This was also something addressed toward the end of our NAB stay, at a breakfast hosted by Women In Media. They noted the same statistic, but their panel on “How to Get Hired – an Insider’s View,” was truly gender-neutral, in the sense that it was more about comportment and job-seeking strategies, whether in production, VFX, broadcasting, or shooting film and TV.

That last niche was represented by Michael Goi, the DP who’s overseen American Horror Story.  Aside from advising younger folks to get off their phones when working on set (generational differences being more noted than gender ones), everyone emphasized that basics like simply staying in touch with people, and being willing to learn on the job were qualities that helped not only get feet in doors, but could potentially fling them open.

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Photo by James Dillon

As for the aforementioned gear perusal, other intriguing cameras including Blackmagic’s Pocket Cinema Camera 4K – shipping in the fall – which boasts not only a USB-C port as an additional option for outputting info, but its own low-light capabilities with a native ISO of up to 25,600, along with the company’s usual low price point, as well.

And as for Canon’s new Full Frame sensor, owners of their current EOS 700s don’t even have to swap out entirely, they can have have their Super 35mm sensor upgraded to the “FF” version, for a fee.

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Photo by James Dillon

Then there was our traditional stop for evening cocktails at ICG 600’s booth, to ask about what all this constantly shifting landscape of new gear and delivery systems means. Especially when you could walk around the displays and see so many attendees broadcasting themselves, using their phones as cameras, to live stream the event, perhaps unaware of the “meta layering,” of solipsistically broadcasting a show contemplating a future where everyone is a potential broadcaster.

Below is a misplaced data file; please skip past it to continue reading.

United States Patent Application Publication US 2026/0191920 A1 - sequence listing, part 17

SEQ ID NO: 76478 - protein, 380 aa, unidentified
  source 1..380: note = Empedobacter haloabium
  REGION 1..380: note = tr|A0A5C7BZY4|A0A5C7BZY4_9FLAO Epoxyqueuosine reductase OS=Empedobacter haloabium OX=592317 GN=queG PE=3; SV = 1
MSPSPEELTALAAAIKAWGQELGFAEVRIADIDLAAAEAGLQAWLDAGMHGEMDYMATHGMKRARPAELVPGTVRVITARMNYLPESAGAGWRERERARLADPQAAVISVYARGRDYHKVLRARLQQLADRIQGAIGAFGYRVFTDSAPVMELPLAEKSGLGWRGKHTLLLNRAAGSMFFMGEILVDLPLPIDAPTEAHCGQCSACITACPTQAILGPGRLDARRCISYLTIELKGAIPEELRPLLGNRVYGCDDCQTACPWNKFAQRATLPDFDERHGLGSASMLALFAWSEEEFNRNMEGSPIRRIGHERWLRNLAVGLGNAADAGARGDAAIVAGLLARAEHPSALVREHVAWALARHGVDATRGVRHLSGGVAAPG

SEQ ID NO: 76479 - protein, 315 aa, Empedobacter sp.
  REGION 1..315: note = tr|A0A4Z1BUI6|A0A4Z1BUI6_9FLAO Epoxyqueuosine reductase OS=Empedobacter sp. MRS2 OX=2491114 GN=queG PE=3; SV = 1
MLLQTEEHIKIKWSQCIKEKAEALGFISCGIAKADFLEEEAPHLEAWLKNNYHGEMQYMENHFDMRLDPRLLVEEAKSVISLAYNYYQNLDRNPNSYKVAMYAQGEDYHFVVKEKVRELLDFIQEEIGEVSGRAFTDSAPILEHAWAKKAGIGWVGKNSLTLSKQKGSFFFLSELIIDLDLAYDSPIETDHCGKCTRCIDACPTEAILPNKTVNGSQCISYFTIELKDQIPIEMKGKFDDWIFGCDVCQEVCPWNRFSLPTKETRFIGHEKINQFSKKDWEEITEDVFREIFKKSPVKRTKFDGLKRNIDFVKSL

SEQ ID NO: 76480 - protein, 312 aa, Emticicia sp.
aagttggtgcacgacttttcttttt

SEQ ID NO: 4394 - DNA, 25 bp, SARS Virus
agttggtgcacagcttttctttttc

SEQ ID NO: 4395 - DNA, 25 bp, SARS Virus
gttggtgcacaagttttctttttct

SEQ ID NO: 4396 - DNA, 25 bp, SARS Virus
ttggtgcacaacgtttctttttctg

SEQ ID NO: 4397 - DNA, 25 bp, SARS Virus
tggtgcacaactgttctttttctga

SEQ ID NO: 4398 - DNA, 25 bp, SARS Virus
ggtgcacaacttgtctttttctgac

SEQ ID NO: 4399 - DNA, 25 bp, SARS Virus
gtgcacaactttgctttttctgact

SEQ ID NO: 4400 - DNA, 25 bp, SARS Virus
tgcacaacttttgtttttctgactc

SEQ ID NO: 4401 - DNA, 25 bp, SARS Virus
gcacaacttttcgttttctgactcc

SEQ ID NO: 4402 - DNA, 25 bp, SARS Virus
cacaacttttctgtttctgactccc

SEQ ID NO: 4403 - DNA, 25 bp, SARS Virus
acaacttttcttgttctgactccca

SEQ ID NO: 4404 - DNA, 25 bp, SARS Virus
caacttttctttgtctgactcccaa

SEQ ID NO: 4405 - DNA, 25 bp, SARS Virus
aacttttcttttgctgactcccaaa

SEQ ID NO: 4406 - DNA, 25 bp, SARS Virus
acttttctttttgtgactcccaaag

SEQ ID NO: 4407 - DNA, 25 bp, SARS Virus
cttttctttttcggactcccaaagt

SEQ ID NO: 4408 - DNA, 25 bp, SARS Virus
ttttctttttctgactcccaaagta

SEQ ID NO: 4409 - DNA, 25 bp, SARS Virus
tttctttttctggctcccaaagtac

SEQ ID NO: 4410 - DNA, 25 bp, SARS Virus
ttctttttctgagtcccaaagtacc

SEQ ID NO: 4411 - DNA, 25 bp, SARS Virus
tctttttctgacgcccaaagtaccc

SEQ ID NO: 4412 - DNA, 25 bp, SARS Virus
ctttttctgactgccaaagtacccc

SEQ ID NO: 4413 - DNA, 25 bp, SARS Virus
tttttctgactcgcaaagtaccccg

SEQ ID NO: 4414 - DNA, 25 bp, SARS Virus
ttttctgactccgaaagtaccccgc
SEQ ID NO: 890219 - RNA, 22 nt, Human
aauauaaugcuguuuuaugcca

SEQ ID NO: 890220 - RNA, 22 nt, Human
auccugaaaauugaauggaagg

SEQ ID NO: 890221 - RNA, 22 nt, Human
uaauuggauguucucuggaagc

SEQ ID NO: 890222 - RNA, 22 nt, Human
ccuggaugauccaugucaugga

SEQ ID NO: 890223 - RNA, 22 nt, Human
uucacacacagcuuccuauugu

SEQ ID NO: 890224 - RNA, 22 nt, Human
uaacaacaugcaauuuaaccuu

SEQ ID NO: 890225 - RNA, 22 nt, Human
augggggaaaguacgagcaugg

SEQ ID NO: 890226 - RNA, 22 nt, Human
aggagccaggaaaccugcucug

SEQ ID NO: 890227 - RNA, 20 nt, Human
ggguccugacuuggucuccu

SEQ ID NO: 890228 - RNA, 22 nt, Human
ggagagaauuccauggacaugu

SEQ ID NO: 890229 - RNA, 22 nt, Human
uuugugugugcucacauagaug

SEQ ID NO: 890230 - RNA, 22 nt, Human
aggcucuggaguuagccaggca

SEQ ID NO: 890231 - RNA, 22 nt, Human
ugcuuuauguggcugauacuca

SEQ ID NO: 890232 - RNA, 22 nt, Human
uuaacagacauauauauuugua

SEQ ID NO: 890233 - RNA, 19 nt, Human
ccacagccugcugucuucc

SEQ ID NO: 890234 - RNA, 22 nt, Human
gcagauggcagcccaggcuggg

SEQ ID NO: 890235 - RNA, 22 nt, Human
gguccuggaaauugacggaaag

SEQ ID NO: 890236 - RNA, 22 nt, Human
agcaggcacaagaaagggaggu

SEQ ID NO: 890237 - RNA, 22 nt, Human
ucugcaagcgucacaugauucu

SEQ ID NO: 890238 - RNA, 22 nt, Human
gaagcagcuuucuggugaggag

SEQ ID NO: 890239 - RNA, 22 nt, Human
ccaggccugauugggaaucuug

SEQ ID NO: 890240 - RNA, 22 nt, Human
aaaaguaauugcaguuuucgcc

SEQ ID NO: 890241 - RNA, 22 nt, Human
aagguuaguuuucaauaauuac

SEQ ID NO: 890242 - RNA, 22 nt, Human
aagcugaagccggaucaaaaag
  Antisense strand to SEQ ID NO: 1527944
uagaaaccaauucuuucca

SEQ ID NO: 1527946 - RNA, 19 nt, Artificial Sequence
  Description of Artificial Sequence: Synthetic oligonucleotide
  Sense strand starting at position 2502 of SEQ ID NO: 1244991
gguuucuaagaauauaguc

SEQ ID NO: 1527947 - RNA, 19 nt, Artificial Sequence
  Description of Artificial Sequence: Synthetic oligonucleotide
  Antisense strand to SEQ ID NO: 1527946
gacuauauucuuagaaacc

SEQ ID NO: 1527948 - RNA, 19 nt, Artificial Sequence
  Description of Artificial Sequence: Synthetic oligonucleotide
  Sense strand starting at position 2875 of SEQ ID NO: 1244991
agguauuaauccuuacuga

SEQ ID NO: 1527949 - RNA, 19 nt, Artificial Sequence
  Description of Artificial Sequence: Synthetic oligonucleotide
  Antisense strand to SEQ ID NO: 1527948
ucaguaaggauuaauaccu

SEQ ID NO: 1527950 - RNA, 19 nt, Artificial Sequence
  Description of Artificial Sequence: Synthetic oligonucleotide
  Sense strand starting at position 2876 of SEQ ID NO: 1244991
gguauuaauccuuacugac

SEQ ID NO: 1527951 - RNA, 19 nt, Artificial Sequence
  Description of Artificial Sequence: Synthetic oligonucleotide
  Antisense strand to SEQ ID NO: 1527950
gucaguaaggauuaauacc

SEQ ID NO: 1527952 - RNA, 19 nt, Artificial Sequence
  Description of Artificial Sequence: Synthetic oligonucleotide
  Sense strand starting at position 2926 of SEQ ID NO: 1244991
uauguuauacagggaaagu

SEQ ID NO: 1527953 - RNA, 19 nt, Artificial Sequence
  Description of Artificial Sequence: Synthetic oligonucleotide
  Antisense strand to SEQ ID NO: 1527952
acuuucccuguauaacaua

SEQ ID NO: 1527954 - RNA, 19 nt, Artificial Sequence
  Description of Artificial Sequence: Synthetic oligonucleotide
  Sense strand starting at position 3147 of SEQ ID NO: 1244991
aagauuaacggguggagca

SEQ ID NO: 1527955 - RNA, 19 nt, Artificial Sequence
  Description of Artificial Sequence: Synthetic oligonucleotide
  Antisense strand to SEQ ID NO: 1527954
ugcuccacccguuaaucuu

Or as Avid’s Matt Feury told us, when reviewing how the year for Media Composer downloads has gone, (over 100,000 for the free version, while the $19.99 version with more tools sells briskly as well), “everyone’s dream” is to work remotely – at home, not having to come into headquarters, etc. All thanks to those ubiquitous digital networks.

Avid is doing its bit on the production pipeline side by making Composer content increasingly visible via Chrome browsers, and with bins “open to the whole facility.”  All of which tied in to some of the speculation amongst the ICG banter, about keeping DPs on productions longer, due to how much color correcting et al happens in Post (though that would mostly apply to features, since if you’re on a show like Jones’, you’re prepping the next shoot while the current one is posting.) Hence the need for a good relationship with one’s colorist!

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Photo by James Dillon

It all really boils down to the same question: How do you stay networked, while your content is being made, or broadcast, in different pieces everywhere?

And by capital “B” “Broadcast,” of course, we no longer mean three networks or one living room screen. Indeed, the last time it meant that, the convention was half its current size, and the site of one of the main halls (according to a long-attending TV station manager we met), was being used as a strip club.

Even Vegas changes. Just try grabbing a drink at the Sands or Desert Inn, next time you’re in town. Some things didn’t make it to the “Facebook Live” era after all, and both Facebook and Vimeo had NAB booths, too.

The question everyone’s gambling on now is: what’s next.